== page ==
Recommended materials for storage tanks include aluminum, steel, polyethylene, polypropylene, and Teflon, but not concrete-lined storage tanks. If possible, the storage tank should not include any copper, brass, lead, tin, zinc, or rubber fittings if possible. (Practically speaking, brass ball valves are used by many with no major ill effect).
Most of the standard storage and handling procedures used for petroleum diesel also apply to biodiesel.
- Since biodiesel is an organic liquid, the use of an algaecide or fungicide additive is recommended whenever the fuel is stored during warm weather.
- B100 has a tendency to gel during cold weather as indicated by its higher cloud point and pour point temperatures than petrodiesel. Additives are available to prevent gelling, but gelling is generally not a problem for blends of B20 or lower.
- Storage time for both petrodiesel and biodiesel should be limited to six months for best performance.
All on-farm fuel storage tanks (above ground and underground) in excess of 1,100 gallons are regulated by the PA Department of Environmental Protection. The regulation requirements include:
- registering initially and then paying an annual registration fee
- using a department-certified installer to install, modify and close tanks
- meeting the technical requirements for tank construction and operation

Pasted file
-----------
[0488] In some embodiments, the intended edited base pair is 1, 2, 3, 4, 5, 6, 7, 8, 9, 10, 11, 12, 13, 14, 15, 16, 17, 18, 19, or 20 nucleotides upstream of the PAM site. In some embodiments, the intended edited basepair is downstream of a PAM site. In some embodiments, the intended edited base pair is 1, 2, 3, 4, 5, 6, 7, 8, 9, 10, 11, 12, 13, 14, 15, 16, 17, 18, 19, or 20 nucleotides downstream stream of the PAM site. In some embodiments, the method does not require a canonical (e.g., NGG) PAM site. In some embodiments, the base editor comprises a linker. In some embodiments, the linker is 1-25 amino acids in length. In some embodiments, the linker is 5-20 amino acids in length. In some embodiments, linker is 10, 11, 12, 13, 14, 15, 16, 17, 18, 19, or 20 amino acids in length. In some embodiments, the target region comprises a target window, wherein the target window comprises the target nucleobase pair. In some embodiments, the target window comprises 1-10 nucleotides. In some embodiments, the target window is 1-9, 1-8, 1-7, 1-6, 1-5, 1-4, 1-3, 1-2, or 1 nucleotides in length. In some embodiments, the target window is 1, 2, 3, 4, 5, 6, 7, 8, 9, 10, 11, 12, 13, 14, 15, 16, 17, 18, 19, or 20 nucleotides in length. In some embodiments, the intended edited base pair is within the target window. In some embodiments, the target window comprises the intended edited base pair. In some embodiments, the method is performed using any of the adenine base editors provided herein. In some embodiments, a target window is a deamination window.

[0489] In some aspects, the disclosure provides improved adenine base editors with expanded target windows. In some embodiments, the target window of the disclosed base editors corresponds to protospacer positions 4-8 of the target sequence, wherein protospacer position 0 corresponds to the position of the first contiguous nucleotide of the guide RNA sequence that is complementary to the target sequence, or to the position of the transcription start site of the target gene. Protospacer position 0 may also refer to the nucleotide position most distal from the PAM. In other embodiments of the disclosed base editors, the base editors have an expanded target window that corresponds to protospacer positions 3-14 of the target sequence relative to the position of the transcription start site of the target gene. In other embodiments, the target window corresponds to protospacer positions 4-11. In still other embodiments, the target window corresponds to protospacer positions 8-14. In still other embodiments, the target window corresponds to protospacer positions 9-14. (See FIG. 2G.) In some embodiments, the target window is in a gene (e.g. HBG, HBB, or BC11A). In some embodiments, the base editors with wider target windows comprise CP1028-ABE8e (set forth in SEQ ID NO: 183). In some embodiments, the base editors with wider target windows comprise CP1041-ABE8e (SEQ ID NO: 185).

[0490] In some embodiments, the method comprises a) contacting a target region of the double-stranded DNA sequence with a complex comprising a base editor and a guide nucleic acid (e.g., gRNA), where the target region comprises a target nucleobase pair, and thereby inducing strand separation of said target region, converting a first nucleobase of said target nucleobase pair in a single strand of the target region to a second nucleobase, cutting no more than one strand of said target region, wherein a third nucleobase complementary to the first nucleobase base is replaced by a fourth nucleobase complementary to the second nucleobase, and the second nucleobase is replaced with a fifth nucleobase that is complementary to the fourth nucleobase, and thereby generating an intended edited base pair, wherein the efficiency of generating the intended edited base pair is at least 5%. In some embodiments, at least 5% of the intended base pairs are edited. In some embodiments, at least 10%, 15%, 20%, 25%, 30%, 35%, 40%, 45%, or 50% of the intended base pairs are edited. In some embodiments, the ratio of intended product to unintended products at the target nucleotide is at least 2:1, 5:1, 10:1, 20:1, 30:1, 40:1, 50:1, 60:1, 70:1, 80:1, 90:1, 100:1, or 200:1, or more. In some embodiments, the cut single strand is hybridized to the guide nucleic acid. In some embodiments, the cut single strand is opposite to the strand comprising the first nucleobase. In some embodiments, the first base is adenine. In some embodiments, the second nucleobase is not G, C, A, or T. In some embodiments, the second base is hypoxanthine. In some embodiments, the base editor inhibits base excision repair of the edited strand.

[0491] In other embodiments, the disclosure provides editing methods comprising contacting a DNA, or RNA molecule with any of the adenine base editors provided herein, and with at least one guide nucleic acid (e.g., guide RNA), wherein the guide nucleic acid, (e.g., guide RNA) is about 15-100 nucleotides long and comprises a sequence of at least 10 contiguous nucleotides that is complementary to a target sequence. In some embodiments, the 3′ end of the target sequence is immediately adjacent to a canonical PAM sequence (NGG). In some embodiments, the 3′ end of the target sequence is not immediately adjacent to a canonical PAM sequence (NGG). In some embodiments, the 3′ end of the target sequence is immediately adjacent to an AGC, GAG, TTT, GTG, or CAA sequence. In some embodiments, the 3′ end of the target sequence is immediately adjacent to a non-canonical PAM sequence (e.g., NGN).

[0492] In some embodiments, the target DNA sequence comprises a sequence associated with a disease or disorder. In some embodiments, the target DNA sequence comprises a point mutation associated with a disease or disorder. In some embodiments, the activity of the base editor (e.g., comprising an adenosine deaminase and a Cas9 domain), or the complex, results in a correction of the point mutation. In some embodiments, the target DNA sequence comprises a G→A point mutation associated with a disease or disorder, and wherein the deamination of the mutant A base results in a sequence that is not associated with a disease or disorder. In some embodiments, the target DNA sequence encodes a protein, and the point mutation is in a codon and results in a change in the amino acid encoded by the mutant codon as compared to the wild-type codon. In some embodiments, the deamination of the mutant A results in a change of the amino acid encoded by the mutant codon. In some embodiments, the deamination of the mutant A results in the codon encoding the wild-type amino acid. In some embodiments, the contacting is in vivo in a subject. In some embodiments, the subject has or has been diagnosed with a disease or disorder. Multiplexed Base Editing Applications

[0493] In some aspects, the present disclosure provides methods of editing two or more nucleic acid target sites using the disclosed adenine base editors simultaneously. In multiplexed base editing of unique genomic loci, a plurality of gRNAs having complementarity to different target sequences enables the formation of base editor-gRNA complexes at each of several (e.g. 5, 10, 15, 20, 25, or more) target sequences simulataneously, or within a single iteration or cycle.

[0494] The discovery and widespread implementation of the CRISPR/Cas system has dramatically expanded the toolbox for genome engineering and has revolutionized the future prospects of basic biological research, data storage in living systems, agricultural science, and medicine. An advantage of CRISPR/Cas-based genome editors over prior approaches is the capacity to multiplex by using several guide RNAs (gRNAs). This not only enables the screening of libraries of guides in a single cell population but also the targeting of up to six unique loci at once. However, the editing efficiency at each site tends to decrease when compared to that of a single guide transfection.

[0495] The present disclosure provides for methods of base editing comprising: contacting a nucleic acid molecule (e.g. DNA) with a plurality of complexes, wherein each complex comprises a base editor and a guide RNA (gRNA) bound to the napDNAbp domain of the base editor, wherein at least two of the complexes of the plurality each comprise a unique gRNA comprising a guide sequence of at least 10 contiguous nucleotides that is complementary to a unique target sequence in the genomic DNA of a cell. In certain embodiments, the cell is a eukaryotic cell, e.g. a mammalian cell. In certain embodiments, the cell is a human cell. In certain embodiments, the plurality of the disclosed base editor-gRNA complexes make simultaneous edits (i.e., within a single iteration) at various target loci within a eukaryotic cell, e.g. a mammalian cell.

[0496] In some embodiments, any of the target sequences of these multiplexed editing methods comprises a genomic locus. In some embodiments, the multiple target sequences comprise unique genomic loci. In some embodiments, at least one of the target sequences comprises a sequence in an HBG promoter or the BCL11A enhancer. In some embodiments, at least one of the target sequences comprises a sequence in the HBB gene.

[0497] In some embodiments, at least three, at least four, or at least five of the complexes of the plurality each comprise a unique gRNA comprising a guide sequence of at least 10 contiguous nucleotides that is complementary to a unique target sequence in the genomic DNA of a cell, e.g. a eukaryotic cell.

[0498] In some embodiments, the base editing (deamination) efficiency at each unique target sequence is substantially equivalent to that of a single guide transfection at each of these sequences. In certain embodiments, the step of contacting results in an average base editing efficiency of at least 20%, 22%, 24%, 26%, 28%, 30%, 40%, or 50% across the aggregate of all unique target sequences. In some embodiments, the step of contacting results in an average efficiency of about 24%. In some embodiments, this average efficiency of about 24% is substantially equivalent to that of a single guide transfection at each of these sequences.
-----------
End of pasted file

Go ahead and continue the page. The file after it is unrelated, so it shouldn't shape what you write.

- monitoring leak detection
- reporting any confirmed release to appropriate DEP regional office
The above regulation requirements apply to underground storage tanks in excess of just 110 gallons if the tanks contain motor fuels used in combination with other business activities, such as fueling school buses, commercial trucking and excavation equipment. Above-ground storage tanks in excess of 1,100 gallons storing motor oil, lubricating oil, and hydraulic fluid must also meet regulation requirements. On-farm fuel storage tanks that are not regulated include those tanks storing heating oil used on the premises where stored and propane tanks.
You may also be subject to specific on-farm fuel storage requirements from your local municipality, so it is important to check the local regulations and ordinances. Check with your insurance carrier as well to determine if there are any fuel storage requirements or restrictions specified in your property insurance policies.